Another way to switch control 3 times is described in the post by falconbrook (Jeff Falkenbach) in this other chess.com forum thread. This alternative plan can end with a capture, so it is suitable for a 50-move rule record. It appears to be the same plan as the one discussed on the German Wikipedia article mentioned above. Below I show the first phase.
|After 300.0 moves||
The game-tree generated by a plan such as those above can be explored with a computer to find an explicit game that reaches the maximum number of moves. This can also give a lower bound on the number of games of maximum length (see the next section). To get the best possible lower bound, I chose the plan by Deedlit and Tatzelwurm and added the following constraints:
Below is a randomly generated game obeying these constraints. Alternatively here's the PGN file, but be warned that many chess programs choke when importing a very long game. I chose a game ending in checkmate to make sure that Article 1.3 (draw by impossibility of checkmate) doesn't trigger a few moves before the end.
Playing this game as slowly as possible while still obeying FIDE's standard time control would take 2 × (90 + 30 + 0.5×8848.5) minutes = 6.31 days.
By randomly pruning the tree and keeping track of the amount of pruning done, it's possible to estimate the total number of games that satisfy the plan. This is the same technique that I used for perft estimation in 2007 (for more details on perft estimation see this article by Daniel Shawul [pdf]). I explore the tree level by level, capping the number of positions at each ply using reservoir sampling. The larger the cap is, the more accurate the estimate is. Technically the estimate is unbiased, but in practice for the problem at hand it is a lower bound because the random moves that are played are unlikely to discover the very best way of maintaining a high fan-out. The likelihood increases with a large cap, so in practice a larger cap gives a tighter lower bound.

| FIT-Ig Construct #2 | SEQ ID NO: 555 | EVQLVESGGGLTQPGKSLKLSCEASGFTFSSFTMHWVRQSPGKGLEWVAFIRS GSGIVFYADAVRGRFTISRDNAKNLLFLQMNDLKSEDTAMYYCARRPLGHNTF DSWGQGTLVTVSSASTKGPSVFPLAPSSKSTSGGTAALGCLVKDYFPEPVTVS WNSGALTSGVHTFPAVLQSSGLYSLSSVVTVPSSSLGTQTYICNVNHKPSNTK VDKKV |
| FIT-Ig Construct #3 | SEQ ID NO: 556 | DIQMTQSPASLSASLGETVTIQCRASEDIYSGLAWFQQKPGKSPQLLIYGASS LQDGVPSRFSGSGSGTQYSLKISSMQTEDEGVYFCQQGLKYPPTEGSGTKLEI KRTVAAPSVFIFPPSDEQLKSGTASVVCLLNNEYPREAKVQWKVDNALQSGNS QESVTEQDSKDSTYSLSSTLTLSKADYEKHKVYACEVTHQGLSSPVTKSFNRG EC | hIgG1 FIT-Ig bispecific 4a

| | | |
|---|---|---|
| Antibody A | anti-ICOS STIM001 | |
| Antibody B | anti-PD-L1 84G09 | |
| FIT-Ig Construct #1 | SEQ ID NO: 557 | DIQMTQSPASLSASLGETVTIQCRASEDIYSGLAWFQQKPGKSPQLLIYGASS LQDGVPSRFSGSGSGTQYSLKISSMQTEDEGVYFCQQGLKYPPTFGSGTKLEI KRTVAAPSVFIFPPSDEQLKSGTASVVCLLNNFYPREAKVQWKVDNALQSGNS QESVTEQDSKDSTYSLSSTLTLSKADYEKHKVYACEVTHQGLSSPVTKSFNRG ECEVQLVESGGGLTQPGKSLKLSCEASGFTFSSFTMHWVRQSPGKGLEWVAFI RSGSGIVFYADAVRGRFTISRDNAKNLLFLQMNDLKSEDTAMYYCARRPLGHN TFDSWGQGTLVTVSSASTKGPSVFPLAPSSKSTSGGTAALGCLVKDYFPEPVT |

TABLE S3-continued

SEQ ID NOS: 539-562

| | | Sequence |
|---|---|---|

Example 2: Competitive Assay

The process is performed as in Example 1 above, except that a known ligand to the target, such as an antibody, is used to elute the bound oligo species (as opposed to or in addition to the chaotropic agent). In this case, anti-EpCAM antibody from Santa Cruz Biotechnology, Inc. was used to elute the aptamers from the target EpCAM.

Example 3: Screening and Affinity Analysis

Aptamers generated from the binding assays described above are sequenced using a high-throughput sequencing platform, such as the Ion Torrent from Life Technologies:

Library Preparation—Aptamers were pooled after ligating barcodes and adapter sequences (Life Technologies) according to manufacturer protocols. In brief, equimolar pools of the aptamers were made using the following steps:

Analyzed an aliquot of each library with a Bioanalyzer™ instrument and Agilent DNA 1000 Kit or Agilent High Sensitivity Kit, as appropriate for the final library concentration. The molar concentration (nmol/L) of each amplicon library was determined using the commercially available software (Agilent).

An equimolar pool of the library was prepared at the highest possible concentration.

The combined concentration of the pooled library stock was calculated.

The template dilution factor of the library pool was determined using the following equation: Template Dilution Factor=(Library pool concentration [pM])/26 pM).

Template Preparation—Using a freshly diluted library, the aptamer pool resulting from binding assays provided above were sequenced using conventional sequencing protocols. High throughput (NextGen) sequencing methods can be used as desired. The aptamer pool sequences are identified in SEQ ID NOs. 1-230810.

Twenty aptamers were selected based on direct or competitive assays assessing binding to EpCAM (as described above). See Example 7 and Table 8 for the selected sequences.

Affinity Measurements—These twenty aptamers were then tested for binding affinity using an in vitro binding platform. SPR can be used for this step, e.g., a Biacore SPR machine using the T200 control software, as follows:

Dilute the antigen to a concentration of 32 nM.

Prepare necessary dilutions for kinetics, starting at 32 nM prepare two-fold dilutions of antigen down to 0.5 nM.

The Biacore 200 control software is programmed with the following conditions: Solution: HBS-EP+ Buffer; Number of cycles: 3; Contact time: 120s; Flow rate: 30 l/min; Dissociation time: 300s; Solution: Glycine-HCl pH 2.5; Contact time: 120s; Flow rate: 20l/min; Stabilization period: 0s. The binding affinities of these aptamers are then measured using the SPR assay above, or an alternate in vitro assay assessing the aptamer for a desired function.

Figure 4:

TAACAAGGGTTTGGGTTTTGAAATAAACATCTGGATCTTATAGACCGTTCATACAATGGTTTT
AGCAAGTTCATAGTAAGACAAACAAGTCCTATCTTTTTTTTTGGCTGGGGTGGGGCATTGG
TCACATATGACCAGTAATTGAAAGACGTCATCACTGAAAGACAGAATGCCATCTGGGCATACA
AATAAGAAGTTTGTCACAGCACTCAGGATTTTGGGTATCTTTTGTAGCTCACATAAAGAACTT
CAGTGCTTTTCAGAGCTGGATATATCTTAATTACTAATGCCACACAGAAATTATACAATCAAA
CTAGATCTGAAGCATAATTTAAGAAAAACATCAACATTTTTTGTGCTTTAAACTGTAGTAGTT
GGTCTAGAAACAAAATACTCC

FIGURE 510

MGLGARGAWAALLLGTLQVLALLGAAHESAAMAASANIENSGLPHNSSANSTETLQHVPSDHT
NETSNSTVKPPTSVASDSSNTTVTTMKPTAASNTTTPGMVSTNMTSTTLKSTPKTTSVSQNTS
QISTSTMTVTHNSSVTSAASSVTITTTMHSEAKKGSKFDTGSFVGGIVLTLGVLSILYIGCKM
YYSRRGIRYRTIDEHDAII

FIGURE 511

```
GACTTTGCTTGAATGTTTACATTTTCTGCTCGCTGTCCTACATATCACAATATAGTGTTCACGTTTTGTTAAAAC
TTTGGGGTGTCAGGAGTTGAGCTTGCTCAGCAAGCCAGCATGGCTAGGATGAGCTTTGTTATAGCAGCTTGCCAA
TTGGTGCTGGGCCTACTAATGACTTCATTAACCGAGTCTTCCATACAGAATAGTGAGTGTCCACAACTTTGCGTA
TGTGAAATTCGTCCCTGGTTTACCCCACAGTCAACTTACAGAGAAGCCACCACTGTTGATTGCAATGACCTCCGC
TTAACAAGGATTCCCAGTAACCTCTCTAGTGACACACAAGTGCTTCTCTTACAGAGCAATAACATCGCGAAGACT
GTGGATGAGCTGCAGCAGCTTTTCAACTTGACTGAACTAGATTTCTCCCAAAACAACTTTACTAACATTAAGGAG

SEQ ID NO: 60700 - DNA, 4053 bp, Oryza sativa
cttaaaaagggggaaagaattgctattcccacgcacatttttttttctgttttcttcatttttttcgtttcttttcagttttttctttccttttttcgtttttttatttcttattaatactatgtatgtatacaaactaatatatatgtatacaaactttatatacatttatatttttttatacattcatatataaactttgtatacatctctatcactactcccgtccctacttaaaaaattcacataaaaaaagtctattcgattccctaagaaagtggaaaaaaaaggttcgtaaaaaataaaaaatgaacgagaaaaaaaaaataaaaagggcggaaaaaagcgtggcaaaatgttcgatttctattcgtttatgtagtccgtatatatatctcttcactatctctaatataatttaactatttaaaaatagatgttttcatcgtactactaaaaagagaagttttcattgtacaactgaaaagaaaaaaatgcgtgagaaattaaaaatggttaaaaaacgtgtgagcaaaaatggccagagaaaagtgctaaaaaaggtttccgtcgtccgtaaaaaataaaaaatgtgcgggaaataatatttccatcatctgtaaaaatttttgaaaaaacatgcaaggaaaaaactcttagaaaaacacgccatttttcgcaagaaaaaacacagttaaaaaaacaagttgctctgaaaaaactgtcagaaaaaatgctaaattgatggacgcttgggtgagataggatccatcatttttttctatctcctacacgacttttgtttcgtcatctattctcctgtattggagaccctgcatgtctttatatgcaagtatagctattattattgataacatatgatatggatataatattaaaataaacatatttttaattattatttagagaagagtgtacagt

Using the notation from the integer sequence A048987, the number of games that are exactly 8848.5 moves long is called a(17697). The fact that this is the maximum length means that a(17698) = 0. To estimate a(17697) I ran a Monte Carlo simulation using a cap of 1 million positions and obtained a(17697) > 1026827. This implies an average growth factor of 32.8 per ply.
The lower bound on a(17697) is also a lower bound on the total number of chess games, but a better lower bound can be obtained by following a slightly shorter plan. For example, by switching control during Phase 1 we would lose a few plies, but we would open the white pawn wall earlier, which would increase the fan-out early in the game.
In an attempt to get the highest possible fan-out, I used the following plan:
A lot of these numbers are arbitrary and I do not claim that the plan is optimal, but it is extremely time-consuming to run a simulation each time I want to test an idea, so this will have to do for now. The result of the simulation (still using a cap of 1 million positions) is a significantly larger lower bound: a(17677) > 1029241, implying an average growth factor of 45.1 per ply.
The maximum number of available moves in a position seems to be 218. In that position, the number is much lower for Black, and 218 isn't sustainable for White. On this page I briefly argue that the largest sustainable growth factor in chess is 84.3. This gives an upper bound of 84.317697 < 1034082.
Below is a smoothed graph of the growth factor per ply obtained throughout the simulations. We see that the new plan (which attempts to maximize the number of games) isn't as restrictive as the old plan, and leads to higher growth factors. It was nice to see the simulation discover through random search something close to the upper bound that I derived in 2007. Without a plan, the simulation discovers a way of increasing the growth factor early, but it doesn't realize that doing so will force a draw much sooner.
the diagrams on this page were created using these chess piece images